# How to Go a Little Crazy with Graphics Titles

The `title` function is the third most commonly-used function in my 13 years of writing this blog, after `imshow` and `imread`. You have probably all used this function many times.

But I suspect that even the power users among you might not know half of what this function can do. So let me take you on a little tour.

### Contents

- How to Title a Plot
- How to Make a Multiline Title
- How to Title a Legend
- How to Title a Tiled Set of Graphics
- How to Control the Title Font
- How to Put Symbols in the Title
- How to Put Superscripts and Subscripts in the Title
- How to Put Unicode Characters into the Title
- How to Put Math in the Title
- How to Go a Little Crazy with Titles

#### How to Title a Plot

Here's the basic form everyone knows:

```
A = imzoneplate;
w = A(255,:);
plot(w)
xlim([1 501])
title("Zone Plate Cross-Section")
```

#### How to Make a Multiline Title

But you can make a multiline title, too, using a string array.

plot(w) xlim([1 501]) title(["Zone Plate Cross-Section" ; "Row 255"])

#### How to Title a Legend

If you read the reference page for `title`, you'll see that it has this syntax:

The first argument, `target`, is described this way:

Hey, you can title a legend!

x = linspace(0,pi); y1 = cos(x); plot(x,y1) hold on y2 = cos(2*x); plot(x,y2) hold off lgd = legend("cos(x)","cos(2x)"); title(lgd,"The Best Title")

#### How to Title a Tiled Set of Graphics

The `target` argument can also be a `tiledlayout` object, which is a flexible and easy-to-use way to organize a grid of related graphics. (**Note:** `tiledlayout` is new in R2019b.)

tl = tiledlayout(2,2); [X,Y,Z] = peaks(20); % Tile 1 nexttile surf(X,Y,Z) % Tile 2 nexttile contour(X,Y,Z) % Tile 3 nexttile imagesc(Z) % Tile 4 nexttile plot3(X,Y,Z) title(tl,"Four Ways to Look at Peaks")

#### How to Control the Title Font

Using Name-Value pairs, you can control the font, font size, font weight, and color.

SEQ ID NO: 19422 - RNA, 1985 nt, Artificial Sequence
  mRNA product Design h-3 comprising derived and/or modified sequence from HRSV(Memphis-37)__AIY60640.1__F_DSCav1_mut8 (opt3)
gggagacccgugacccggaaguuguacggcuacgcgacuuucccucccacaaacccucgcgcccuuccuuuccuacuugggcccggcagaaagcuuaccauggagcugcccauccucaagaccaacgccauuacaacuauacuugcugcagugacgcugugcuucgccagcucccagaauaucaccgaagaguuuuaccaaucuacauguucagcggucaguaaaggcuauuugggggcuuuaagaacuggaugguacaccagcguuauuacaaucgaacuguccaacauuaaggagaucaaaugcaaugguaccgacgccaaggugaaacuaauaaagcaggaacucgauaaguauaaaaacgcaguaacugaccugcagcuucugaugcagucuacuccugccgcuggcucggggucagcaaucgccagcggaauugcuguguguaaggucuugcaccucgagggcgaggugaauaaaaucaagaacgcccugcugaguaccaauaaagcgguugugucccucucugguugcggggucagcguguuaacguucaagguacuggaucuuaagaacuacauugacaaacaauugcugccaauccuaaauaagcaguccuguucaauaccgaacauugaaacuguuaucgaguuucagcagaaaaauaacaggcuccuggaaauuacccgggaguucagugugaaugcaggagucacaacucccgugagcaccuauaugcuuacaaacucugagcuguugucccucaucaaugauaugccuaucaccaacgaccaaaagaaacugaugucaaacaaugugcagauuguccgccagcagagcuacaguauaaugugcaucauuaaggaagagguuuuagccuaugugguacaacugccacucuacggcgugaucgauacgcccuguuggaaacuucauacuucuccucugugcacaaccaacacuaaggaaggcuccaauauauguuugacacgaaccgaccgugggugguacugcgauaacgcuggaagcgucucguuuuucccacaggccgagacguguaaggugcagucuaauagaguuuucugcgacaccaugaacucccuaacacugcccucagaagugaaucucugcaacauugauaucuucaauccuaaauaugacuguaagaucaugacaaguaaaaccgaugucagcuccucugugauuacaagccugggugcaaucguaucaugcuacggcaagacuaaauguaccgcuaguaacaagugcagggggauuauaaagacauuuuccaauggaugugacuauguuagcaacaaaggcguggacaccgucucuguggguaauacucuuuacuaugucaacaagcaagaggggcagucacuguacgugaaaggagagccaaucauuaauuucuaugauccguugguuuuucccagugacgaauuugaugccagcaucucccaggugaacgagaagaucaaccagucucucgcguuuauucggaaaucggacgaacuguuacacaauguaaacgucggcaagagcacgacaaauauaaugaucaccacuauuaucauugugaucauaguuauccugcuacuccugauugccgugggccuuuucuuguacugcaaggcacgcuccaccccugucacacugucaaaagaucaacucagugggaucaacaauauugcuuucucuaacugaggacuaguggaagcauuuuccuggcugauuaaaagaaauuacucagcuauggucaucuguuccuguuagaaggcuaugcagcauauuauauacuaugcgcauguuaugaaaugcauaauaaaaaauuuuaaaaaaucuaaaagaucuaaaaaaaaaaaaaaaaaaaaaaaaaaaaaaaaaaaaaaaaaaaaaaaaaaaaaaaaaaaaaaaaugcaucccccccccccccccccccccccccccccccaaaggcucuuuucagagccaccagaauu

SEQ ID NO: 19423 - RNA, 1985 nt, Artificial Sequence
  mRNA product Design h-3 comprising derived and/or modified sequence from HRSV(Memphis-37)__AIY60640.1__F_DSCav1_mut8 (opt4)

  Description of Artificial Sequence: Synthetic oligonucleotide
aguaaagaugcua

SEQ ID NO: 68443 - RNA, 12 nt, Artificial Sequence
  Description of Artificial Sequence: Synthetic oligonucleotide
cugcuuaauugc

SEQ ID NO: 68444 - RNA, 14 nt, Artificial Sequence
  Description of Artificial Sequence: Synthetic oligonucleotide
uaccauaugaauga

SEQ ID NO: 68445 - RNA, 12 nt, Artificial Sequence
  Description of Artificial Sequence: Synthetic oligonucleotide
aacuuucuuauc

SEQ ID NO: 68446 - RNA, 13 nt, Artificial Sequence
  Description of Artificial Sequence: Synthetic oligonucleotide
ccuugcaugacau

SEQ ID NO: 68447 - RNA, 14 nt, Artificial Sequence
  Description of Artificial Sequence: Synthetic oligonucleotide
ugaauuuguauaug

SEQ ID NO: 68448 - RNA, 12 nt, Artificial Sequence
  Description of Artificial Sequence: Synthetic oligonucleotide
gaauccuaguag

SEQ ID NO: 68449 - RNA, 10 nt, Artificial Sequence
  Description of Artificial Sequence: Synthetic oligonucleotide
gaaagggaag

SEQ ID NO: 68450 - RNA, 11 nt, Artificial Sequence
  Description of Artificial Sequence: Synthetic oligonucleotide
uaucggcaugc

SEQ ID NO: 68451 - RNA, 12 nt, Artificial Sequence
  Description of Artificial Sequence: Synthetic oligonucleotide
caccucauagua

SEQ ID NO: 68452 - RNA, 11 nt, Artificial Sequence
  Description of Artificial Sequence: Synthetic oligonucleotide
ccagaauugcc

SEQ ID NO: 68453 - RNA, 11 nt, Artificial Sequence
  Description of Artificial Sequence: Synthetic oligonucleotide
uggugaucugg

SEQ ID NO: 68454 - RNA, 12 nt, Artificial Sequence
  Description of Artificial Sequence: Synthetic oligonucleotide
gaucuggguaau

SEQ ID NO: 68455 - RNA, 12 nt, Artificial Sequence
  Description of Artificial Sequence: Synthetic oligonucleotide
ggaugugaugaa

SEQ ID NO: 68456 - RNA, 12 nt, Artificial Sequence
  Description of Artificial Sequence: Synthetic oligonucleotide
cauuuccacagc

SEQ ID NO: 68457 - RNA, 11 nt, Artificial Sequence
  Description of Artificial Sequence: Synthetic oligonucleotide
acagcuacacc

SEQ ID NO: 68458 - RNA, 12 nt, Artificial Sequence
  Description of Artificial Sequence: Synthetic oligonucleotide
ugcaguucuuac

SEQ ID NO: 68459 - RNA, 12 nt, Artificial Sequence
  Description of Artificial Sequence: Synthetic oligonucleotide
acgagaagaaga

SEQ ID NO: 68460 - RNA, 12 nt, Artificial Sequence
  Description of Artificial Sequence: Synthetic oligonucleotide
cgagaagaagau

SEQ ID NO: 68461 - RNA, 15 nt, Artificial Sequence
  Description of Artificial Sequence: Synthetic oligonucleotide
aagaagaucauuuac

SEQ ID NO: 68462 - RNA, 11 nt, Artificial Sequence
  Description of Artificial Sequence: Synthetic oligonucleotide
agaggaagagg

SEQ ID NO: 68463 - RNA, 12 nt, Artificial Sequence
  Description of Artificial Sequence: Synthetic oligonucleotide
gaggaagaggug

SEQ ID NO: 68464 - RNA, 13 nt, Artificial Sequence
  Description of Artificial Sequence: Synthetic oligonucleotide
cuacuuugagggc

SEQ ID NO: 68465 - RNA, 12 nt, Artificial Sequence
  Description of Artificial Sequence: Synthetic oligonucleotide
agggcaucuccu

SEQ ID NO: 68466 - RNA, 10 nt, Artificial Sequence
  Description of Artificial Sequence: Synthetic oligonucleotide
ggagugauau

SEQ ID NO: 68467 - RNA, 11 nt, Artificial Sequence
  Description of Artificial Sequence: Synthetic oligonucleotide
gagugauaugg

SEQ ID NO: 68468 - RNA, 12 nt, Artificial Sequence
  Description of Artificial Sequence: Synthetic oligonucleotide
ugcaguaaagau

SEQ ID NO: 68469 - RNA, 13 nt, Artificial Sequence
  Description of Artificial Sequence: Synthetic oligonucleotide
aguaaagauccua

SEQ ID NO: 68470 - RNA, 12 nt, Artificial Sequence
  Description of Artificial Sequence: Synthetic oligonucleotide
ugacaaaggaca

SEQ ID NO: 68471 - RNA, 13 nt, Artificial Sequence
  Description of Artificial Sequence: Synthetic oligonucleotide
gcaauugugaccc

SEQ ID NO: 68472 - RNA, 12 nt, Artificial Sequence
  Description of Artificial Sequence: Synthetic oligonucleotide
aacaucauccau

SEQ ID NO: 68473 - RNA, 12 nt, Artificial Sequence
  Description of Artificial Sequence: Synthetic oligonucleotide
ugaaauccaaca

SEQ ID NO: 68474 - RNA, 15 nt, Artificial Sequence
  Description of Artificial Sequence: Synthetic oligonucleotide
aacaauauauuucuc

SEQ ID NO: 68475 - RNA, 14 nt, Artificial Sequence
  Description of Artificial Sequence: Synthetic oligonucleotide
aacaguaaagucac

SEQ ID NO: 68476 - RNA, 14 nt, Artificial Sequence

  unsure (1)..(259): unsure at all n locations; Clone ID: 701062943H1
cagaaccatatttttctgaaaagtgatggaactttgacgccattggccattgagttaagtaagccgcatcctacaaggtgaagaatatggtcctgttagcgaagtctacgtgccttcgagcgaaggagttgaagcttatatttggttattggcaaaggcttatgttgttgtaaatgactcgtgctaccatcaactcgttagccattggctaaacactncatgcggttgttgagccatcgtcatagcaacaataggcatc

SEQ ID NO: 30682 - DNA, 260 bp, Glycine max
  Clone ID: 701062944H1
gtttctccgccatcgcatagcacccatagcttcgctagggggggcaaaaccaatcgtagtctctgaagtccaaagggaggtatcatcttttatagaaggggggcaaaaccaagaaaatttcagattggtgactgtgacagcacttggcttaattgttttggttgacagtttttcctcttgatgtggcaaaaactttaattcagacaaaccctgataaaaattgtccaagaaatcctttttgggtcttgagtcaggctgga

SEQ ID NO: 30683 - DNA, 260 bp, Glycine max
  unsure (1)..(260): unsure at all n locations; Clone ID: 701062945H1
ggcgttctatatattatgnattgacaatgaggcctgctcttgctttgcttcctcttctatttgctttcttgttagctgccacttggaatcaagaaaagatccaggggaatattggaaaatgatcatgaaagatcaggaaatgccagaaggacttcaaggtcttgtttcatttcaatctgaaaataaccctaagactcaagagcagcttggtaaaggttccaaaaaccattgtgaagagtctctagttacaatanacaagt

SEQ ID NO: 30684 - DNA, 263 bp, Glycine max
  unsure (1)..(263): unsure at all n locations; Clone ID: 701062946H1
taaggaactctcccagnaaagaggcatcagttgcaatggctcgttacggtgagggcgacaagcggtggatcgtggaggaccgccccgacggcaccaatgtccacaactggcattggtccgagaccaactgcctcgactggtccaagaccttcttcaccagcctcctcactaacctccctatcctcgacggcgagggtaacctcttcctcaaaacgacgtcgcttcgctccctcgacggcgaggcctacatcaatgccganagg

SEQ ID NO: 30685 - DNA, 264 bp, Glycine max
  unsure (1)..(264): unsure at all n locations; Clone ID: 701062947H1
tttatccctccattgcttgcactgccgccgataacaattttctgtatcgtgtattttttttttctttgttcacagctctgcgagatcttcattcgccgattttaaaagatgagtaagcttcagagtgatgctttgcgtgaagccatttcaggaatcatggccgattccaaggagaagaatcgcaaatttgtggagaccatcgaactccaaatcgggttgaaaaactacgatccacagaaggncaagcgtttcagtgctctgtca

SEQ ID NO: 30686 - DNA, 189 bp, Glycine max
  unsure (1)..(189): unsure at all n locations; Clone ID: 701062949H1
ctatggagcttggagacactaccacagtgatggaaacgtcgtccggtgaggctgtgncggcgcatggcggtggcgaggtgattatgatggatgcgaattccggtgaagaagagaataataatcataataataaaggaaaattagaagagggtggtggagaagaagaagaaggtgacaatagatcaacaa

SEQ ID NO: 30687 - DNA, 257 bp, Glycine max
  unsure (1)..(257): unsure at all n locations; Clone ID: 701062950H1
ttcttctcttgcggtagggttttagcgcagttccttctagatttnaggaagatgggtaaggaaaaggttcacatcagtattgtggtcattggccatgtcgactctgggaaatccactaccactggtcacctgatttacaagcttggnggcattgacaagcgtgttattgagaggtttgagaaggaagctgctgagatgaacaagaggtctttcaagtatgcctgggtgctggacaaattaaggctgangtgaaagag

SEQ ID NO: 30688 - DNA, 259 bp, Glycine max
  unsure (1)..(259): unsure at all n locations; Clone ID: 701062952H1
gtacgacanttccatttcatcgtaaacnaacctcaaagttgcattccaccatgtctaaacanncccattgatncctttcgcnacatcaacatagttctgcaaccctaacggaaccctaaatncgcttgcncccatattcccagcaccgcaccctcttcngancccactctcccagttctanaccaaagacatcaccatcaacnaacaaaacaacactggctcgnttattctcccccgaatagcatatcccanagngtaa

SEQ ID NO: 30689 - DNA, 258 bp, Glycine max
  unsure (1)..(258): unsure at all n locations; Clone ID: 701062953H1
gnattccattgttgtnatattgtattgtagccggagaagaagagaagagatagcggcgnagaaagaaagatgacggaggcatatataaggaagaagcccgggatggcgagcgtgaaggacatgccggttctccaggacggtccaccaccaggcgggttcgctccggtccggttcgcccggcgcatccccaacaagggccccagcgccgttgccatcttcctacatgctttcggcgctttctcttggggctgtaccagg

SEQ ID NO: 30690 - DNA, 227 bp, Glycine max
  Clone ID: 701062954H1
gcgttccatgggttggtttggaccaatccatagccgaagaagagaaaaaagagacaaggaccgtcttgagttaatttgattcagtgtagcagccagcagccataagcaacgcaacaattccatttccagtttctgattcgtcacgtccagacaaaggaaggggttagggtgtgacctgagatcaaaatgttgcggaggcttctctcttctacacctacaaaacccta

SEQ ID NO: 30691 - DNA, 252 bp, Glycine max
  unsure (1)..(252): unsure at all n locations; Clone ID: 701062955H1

clf x = @(t) sin(2*t); y = @(t) sin(3*t); fplot(x,y,'LineWidth',2) title("Parametric Plot", ... "FontName", "Chalkduster", ... "FontSize", 24, ... "FontWeight", "bold", ... "Color", [0.850 0.325 0.098]);

Alternatively, you can call `title` with an output argument to capture the text object and then set its properties directly, like this:

ezpolar('1+cos(t)*sin(t)^2') t = title("Polar Plot"); t.FontName = "Marker Felt"; t.FontAngle = "italic"; t.FontSize = 36;

#### How to Put Symbols in the Title

By default, MATLAB will recognize TeX symbol names in your title text. These include Greek letters (\alpha, \zeta, \tau) and mathematical symbols (\approx, \leq, \nabla).

plot(graph(bucky)) axis equal title("These symbols are here for no good reason: \alpha, \zeta, \tau" + ... ", \approx, \leq, \nabla")

#### How to Put Superscripts and Subscripts in the Title

Use the TeX notation for superscripts and subscripts.

```
plot([-40 -40])
title("-40^{\circ} is a special temperature")
```

#### How to Put Unicode Characters into the Title

Some people don't like using a superscript "circle" symbol to show degrees and would prefer to use the Unicode degree character. You can get a Unicode character in MATLAB by calling `char` on the decimal code value. The decimal code value for the degree symbol is 176.

plot([-40 -40]) title("-40" + char(176) + " is a special temperature")

Yeah, that does look better, doesn't it?

#### How to Put Math in the Title

You can put a lot of simple mathematical expressions in the title using the symbols, subscripts, and superscripts of the TeX interpreter, but I think the LaTeX interpreter looks better for real math.

fsurf(@(u,v)sin(pi*u).*sin(pi*u).*cos(v), ... @(u,v)sin(pi*u).*sin(pi*u).*sin(v), ... @(u,v)u, [-1 1 0 2*pi]) title(["$x = \sin(\pi u) \sin(\pi u) \cos(v)$", ... "$y = \sin(\pi u) \sin(\pi u) \sin(v)$", ... "$z = u$"], ... "Interpreter","latex")

Here's a display-math version of one of my favorite equations, paired with an unrelated graphic.

fplot(@(x) x.^3, [-2 2], 'r', 'LineWidth',2) title("$$X(\omega) = \sum_{n=-\infty}^{\infty} x[n] e^{-j\omega n}$$",... "Interpreter","latex")

#### How to Go a Little Crazy with Titles

One of the things I like about the TeX interpreter option is that it lets you change your about about font, font size, font weight, and color. In the middle of the title. As many times as you like.

fplot(@(x) x.^3, [-2 2], 'r', 'LineWidth',2) title("Where \fontsize{24} Is \fontsize{8} the \fontsize{36} " + ... "\color[rgb]{0,0.5,0.5} Inflection \fontsize{18} \it point\color{red}???")

If only I were still in the business of writing journal papers. I would definitely try to sneak in something like that.

Finally, I should note that the `title` function can also be used to compute the singular value decomposition. But I will have to leave that story for later...

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